Mandatory Closure Versus Nonintervention for Patent Ductus Arteriosus in Very Preterm Infants


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Abstract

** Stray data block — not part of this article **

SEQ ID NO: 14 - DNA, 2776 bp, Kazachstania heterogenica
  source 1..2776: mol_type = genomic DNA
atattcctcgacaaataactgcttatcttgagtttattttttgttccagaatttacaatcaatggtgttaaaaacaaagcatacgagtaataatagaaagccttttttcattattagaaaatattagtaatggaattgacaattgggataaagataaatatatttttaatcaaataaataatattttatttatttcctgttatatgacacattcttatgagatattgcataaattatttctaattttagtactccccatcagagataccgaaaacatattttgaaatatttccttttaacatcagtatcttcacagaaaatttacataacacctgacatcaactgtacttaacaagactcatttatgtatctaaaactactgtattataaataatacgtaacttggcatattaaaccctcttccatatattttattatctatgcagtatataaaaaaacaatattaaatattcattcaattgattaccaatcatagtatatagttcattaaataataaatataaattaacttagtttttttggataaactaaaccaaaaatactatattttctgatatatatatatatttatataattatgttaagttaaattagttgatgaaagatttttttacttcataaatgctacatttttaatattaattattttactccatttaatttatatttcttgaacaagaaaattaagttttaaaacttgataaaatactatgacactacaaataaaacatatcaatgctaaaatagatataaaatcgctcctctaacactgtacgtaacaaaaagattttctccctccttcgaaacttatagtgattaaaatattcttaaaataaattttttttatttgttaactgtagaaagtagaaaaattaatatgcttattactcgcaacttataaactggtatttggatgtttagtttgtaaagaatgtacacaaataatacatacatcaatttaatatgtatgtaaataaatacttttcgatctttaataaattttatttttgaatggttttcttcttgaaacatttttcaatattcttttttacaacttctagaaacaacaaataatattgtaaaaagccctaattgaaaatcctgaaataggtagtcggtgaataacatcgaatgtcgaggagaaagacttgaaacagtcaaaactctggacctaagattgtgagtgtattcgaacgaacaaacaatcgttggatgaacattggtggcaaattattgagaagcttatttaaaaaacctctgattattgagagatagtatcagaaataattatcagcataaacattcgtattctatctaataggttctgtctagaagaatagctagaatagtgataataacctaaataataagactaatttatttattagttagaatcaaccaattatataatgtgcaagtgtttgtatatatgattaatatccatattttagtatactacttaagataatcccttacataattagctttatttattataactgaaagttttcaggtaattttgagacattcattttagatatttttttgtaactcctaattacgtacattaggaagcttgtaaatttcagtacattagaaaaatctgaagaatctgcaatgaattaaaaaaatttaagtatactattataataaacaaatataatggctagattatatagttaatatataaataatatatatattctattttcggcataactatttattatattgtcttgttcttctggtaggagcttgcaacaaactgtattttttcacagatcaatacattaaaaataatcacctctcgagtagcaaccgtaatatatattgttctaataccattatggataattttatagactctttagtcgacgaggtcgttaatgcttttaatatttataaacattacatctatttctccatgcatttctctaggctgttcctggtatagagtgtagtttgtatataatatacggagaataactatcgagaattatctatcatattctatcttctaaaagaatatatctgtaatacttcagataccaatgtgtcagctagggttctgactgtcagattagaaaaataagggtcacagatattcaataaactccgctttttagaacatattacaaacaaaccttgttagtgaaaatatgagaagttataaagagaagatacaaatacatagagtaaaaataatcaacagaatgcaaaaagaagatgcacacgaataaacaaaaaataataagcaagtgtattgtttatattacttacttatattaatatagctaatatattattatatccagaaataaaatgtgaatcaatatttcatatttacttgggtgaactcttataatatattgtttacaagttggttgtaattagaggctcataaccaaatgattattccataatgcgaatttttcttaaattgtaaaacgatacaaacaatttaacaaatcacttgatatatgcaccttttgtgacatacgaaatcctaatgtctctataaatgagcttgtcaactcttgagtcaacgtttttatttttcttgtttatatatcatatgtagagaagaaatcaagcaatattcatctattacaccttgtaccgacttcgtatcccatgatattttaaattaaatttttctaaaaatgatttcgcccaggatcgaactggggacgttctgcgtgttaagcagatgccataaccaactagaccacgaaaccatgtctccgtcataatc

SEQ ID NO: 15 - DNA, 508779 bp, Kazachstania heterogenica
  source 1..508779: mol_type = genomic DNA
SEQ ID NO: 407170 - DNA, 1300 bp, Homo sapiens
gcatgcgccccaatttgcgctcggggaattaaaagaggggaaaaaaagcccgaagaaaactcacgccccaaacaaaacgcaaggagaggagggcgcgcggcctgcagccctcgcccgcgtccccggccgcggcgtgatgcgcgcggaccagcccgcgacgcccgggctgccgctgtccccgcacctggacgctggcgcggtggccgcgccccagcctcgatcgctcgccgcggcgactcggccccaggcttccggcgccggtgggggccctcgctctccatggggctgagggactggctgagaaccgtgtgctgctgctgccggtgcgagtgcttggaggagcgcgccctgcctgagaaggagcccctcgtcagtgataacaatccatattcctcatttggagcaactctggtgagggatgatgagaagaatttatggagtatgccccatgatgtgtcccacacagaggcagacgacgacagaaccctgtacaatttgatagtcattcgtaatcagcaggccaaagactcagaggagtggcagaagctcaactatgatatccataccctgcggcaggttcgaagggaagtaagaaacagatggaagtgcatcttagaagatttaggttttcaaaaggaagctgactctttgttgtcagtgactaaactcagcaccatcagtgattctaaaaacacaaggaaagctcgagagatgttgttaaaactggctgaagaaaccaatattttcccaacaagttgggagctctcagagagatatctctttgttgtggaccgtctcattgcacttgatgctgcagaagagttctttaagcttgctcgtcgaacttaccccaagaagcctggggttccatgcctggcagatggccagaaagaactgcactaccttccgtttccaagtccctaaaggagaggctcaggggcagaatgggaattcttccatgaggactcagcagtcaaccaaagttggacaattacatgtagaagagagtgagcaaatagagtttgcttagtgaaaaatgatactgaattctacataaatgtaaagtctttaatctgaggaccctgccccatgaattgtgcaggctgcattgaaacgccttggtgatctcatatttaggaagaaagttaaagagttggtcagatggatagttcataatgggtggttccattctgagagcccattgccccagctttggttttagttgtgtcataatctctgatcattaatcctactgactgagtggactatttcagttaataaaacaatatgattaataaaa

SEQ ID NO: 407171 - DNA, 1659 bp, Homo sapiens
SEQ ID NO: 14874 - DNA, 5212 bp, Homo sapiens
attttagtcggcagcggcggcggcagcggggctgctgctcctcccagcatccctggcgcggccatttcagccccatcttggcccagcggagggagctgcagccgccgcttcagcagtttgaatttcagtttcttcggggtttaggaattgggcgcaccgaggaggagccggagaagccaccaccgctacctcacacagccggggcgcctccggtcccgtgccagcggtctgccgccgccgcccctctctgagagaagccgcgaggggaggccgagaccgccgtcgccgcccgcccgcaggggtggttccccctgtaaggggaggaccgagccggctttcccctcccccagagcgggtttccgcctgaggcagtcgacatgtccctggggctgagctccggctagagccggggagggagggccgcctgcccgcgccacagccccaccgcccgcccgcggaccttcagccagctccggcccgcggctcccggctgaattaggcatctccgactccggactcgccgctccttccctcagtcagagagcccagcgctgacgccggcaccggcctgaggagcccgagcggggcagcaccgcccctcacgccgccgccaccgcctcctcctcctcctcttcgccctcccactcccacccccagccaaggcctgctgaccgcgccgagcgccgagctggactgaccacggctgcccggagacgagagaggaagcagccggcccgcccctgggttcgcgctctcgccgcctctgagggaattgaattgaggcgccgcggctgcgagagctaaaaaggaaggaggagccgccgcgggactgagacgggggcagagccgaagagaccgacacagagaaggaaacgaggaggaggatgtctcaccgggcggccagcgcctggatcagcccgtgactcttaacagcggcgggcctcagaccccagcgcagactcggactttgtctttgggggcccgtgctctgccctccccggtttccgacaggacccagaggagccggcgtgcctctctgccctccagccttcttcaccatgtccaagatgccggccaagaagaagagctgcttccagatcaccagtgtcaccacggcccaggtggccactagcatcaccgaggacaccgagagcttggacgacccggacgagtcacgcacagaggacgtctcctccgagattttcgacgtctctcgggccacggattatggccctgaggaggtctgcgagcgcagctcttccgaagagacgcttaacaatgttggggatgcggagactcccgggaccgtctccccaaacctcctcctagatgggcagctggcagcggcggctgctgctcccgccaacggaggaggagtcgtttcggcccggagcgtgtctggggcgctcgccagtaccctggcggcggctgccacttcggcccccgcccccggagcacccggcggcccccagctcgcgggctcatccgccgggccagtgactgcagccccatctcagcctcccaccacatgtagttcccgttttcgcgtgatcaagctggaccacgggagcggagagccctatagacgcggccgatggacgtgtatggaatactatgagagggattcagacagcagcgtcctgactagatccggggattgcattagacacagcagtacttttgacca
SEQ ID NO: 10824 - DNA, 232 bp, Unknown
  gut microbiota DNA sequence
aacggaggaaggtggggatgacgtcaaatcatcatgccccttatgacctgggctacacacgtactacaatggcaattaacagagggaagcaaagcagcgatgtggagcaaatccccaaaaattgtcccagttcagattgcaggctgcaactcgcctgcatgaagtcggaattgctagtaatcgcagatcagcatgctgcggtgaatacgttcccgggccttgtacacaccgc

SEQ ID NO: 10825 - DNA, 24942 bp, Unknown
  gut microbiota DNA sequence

ObjectiveTo determine whether a nonintervention approach for treating hemodynamically significant patent ductus arteriosus (PDA) is associated with decreased mortality and/or morbidity compared with a mandatory closure approach in extremely low birth weight infants.Study designWe reviewed the medical records of 178 infants of 23-26 weeks' gestational age with PDA, requiring ventilator treatment, and with hemodynamically significant PDA ≥2 mm in size. Mandatory closure was used during period I (July 2009 to December 2011, n = 81), and nonintervention was used during period II (January 2012 to June 2014, n = 97).ResultsDuring period I, 64% of infants were first treated with indomethacin, and 82% were ultimately ligated surgically. During period II, no infant was treated with indomethacin and/or ligation. The average postnatal day of PDA closure was day 13 and day 44 during periods I and II, respectively. There was significantly more use of diuretics and fluid restriction during period II compared with period I. There was no difference in mortality or morbidities such as necrotizing enterocolitis or intraventricular hemorrhage. The incidence of bronchopulmonary dysplasia (BPD) and the propensity score adjusted OR of BPD were significantly lower during period II compared with period I.ConclusionsDespite longer PDA exposure, nonintervention was associated with significantly less BPD compared with mandatory closure. Additional study is warranted to determine the benefits and risks of non-intervention for the hemodynamically significant PDA in extremely low birth weight infants.

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